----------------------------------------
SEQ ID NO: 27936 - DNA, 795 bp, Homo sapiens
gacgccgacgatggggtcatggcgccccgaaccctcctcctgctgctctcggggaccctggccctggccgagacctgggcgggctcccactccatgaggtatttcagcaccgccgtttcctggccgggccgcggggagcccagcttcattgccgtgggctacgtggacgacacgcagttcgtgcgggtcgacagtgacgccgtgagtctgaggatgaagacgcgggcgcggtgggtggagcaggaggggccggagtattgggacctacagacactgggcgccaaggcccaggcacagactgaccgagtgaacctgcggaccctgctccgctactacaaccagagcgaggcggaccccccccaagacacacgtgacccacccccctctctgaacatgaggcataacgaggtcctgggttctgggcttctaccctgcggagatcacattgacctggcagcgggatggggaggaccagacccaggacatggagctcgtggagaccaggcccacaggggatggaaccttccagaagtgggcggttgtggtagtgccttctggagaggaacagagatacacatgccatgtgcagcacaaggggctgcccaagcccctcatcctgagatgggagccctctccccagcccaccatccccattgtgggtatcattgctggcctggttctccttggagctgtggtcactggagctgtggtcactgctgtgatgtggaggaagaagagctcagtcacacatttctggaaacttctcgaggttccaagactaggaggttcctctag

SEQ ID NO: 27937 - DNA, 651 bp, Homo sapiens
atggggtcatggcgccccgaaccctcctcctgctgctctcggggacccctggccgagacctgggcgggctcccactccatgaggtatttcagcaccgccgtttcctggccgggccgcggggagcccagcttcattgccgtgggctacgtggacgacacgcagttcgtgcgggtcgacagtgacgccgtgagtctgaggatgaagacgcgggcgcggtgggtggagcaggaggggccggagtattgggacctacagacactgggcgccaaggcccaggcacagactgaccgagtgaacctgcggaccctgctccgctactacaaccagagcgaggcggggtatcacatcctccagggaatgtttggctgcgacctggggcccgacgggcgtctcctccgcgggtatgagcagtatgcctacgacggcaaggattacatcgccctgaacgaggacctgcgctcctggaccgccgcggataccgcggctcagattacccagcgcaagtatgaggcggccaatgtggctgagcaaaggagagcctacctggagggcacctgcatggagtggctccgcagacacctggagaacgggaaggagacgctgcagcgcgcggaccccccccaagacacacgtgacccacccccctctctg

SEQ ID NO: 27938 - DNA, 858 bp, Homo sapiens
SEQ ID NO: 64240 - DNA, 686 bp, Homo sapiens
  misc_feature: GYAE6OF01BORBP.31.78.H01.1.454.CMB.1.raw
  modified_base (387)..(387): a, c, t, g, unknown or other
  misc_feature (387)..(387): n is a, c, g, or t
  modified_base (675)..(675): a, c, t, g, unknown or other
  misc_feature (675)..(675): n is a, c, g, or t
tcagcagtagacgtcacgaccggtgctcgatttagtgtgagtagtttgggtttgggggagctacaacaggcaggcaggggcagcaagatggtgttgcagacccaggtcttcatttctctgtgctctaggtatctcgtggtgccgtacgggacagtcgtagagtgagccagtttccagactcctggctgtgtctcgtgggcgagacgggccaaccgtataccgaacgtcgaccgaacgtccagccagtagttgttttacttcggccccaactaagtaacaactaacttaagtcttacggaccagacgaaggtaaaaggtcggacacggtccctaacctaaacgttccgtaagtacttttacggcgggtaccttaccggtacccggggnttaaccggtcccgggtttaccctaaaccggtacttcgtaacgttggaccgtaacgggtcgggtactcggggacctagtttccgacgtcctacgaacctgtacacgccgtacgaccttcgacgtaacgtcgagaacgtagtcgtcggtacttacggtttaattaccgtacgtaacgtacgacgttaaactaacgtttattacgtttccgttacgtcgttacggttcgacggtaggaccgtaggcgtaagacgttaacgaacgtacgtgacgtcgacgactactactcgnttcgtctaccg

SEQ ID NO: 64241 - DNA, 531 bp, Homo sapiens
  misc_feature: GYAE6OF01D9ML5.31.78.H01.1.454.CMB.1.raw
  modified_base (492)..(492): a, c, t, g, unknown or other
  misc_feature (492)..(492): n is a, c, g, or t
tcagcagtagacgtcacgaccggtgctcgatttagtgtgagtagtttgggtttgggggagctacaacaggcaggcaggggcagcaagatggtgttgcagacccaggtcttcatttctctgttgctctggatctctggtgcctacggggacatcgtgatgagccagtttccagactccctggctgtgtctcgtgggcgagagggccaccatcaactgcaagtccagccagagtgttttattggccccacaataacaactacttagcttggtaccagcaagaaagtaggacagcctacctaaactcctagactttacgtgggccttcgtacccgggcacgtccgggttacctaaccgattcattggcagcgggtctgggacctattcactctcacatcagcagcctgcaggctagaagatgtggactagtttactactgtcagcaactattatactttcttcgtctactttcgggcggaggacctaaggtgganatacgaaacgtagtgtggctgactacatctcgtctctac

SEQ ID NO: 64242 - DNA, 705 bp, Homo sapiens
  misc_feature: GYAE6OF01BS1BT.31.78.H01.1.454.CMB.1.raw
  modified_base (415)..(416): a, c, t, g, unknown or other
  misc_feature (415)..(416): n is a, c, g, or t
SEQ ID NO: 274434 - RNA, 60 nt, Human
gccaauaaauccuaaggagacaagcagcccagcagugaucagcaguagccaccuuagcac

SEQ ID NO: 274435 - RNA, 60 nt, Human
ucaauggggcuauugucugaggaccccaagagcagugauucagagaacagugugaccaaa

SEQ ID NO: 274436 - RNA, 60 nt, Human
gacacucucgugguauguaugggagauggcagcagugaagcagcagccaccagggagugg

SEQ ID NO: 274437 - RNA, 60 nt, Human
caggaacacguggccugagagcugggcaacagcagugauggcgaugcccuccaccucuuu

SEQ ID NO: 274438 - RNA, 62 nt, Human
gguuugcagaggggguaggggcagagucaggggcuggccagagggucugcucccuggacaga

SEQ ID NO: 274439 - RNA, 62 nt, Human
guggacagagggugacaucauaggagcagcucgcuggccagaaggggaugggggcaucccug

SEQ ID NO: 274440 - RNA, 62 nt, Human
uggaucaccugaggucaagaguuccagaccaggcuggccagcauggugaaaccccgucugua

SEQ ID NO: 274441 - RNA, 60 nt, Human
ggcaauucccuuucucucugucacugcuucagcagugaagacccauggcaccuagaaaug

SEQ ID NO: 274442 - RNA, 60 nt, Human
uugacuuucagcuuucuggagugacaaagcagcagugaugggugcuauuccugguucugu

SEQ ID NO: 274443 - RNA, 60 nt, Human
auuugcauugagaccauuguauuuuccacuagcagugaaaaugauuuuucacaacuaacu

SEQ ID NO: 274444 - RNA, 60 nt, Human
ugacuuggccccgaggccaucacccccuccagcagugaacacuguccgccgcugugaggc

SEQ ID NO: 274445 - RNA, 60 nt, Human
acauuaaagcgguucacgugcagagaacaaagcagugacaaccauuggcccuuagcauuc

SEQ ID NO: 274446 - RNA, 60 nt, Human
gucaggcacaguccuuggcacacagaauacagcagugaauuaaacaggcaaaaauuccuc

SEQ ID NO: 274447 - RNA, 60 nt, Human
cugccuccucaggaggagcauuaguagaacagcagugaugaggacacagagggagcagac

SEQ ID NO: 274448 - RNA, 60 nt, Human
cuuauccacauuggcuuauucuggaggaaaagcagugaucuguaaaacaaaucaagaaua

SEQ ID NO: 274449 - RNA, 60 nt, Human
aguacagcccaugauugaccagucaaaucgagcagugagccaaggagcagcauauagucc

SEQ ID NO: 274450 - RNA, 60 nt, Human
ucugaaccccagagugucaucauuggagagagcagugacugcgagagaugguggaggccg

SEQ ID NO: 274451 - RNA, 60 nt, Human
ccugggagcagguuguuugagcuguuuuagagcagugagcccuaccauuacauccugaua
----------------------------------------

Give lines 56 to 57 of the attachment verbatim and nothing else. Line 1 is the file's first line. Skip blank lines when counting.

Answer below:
SEQ ID NO: 274451 - RNA, 60 nt, Human
ccugggagcagguuguuugagcuguuuuagagcagugagcccuaccauuacauccugaua